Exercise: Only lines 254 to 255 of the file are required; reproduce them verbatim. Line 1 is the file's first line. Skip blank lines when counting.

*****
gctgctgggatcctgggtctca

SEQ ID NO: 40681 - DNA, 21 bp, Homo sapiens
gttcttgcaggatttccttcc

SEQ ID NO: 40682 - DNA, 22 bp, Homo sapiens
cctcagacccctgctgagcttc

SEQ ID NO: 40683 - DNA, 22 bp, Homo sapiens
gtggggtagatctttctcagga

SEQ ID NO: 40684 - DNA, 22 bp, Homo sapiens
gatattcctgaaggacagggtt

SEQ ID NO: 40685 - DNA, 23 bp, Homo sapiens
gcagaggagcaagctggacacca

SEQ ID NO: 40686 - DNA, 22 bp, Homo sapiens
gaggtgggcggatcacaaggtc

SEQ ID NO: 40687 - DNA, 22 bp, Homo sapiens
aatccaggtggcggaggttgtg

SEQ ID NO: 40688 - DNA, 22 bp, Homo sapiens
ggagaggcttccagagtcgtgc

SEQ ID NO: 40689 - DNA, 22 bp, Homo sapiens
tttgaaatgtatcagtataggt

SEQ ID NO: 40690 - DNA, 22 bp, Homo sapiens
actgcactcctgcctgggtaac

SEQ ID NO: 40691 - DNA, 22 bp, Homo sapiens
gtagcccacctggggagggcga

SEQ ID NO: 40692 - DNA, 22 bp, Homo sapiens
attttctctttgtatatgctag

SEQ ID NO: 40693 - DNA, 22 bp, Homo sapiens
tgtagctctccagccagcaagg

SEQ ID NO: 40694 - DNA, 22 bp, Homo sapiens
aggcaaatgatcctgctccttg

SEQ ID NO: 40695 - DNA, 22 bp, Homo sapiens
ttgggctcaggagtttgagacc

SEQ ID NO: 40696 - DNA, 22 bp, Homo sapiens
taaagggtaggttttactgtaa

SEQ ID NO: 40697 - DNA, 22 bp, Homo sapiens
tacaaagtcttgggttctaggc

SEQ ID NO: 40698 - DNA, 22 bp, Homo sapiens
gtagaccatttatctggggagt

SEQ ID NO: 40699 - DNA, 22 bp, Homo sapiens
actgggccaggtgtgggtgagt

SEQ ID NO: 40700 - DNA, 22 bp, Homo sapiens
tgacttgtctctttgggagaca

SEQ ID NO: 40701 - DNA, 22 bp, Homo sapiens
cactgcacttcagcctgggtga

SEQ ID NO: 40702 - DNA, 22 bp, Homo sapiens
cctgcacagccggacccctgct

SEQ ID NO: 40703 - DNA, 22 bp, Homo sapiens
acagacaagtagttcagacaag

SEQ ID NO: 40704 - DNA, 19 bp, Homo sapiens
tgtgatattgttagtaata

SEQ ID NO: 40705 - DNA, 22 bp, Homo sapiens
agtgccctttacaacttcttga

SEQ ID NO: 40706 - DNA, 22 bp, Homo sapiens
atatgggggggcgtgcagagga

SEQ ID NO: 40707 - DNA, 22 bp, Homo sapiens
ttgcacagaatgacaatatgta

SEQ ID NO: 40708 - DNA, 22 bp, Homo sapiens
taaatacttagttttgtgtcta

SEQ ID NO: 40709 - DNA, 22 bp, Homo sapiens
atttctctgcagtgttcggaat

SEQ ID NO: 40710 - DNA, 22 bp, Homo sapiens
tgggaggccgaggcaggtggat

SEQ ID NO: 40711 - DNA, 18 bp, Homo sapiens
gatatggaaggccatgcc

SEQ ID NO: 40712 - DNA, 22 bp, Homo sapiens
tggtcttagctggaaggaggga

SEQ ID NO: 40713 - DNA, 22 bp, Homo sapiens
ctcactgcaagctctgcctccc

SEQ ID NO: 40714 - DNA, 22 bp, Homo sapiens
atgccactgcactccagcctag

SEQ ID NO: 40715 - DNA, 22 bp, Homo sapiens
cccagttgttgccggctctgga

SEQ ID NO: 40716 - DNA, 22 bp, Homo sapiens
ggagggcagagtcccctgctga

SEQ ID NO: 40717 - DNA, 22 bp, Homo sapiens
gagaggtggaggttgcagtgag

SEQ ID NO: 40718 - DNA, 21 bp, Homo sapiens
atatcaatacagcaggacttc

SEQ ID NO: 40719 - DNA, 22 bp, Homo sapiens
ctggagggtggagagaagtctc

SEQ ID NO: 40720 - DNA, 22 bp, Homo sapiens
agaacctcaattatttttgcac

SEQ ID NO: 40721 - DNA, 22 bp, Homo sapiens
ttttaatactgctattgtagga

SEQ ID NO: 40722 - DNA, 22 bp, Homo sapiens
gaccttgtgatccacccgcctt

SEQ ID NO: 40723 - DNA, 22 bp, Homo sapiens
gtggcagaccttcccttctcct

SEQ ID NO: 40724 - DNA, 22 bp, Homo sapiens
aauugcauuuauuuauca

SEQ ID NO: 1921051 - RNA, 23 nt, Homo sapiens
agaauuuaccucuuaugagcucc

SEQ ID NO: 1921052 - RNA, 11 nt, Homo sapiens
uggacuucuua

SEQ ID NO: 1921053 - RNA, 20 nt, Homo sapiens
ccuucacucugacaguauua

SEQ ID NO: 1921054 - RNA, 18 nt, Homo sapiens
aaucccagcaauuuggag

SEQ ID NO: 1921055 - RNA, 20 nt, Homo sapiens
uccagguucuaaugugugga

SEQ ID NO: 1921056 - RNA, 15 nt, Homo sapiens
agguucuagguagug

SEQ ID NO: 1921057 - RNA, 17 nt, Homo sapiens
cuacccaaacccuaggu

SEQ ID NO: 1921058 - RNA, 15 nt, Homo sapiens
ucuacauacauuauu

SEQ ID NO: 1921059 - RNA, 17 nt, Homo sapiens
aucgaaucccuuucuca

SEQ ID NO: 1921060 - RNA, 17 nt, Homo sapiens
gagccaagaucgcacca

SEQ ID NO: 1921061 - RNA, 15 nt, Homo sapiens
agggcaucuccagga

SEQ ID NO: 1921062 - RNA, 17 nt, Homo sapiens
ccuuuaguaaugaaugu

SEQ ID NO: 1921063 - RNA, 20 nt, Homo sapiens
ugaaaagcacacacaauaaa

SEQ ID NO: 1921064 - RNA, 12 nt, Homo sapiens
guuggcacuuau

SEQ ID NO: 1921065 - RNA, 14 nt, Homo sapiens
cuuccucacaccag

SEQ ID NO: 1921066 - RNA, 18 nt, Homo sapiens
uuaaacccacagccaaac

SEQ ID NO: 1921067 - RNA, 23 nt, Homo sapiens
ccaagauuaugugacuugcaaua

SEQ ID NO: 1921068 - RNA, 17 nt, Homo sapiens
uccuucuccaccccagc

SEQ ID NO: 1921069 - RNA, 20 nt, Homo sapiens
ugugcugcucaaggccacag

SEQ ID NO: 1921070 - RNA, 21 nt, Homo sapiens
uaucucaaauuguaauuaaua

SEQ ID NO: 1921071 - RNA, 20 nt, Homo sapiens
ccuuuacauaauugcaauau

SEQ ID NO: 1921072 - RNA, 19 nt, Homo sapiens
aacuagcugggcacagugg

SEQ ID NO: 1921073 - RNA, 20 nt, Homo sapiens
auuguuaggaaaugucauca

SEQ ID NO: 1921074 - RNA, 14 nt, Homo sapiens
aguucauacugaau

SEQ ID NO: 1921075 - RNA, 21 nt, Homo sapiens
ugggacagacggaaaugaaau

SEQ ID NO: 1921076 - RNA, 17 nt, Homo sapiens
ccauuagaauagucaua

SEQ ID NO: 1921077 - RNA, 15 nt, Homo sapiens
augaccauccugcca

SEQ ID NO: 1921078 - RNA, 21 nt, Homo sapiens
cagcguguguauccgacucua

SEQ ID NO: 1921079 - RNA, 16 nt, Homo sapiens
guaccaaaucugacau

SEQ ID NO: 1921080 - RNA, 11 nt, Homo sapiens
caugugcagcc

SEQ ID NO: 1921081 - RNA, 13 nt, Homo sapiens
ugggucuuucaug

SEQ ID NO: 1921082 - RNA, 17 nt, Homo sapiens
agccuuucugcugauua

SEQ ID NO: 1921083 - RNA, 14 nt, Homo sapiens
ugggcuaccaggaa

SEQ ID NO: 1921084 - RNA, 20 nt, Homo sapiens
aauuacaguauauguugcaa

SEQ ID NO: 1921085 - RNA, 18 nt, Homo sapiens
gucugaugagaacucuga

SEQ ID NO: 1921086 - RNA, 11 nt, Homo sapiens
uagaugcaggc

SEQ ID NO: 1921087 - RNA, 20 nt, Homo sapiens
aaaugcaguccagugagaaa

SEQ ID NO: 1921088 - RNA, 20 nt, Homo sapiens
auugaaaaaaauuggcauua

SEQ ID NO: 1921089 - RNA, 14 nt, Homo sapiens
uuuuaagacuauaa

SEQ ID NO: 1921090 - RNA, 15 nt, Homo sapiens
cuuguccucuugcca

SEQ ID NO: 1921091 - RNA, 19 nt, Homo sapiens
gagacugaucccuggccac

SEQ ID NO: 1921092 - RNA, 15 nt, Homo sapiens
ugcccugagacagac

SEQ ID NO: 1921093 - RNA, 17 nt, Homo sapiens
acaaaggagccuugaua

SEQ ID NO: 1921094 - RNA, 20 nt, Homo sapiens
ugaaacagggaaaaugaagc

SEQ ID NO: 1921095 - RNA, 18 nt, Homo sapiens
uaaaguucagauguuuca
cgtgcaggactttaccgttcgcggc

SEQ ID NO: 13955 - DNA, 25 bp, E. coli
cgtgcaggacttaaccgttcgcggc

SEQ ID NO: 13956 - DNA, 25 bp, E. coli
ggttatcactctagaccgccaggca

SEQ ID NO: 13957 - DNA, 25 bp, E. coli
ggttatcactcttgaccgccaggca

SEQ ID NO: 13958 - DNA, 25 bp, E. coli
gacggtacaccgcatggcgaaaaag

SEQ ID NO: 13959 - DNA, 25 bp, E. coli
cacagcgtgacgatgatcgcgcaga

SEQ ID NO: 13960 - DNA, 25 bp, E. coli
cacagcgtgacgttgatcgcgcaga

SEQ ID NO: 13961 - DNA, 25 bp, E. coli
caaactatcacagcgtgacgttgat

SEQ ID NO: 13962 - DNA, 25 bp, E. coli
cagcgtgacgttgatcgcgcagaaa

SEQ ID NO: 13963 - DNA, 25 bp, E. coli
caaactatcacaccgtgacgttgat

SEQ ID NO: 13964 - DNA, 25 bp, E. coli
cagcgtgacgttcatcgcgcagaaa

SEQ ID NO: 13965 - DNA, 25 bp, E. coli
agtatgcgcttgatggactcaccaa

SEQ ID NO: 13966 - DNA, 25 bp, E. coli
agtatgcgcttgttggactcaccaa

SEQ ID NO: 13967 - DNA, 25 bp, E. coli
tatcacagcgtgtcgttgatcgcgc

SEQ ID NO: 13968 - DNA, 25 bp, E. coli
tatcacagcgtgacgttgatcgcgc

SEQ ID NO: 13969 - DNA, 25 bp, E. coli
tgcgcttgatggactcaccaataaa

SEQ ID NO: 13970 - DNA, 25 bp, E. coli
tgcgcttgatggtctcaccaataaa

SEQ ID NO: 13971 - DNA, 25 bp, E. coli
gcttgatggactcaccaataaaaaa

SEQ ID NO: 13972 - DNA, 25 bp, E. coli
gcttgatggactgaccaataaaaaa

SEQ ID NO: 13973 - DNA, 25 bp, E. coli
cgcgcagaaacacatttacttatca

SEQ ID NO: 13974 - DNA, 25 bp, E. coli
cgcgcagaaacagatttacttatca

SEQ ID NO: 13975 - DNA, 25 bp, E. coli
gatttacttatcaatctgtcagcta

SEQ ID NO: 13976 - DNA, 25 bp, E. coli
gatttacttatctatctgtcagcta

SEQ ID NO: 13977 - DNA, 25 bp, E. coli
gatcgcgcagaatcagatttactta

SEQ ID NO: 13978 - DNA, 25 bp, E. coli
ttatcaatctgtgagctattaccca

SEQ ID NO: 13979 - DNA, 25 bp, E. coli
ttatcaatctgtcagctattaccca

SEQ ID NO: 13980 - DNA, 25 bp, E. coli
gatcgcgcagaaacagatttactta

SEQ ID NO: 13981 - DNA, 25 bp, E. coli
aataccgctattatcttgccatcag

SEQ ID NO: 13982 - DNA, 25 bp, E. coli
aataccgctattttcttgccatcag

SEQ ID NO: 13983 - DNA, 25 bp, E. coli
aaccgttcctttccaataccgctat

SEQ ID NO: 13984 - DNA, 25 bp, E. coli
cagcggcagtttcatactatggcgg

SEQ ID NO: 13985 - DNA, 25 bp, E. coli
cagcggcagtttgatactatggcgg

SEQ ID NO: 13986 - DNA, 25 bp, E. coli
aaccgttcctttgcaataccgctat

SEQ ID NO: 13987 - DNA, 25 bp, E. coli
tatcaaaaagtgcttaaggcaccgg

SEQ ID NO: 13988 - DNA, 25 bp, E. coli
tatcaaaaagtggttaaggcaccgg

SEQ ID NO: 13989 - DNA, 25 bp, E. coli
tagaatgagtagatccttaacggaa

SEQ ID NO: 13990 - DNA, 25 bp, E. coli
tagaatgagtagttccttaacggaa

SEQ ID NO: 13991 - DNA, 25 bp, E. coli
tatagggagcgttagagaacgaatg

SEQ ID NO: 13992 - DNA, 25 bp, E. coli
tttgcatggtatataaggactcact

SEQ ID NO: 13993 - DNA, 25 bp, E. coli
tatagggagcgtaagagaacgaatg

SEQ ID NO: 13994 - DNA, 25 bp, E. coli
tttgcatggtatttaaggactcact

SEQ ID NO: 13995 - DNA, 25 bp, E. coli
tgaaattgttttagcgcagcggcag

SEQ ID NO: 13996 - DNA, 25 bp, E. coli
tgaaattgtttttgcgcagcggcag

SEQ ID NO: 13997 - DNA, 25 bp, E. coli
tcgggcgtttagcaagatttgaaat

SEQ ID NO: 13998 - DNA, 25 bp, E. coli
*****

tatagggagcgttagagaacgaatg

SEQ ID NO: 13992 - DNA, 25 bp, E. coli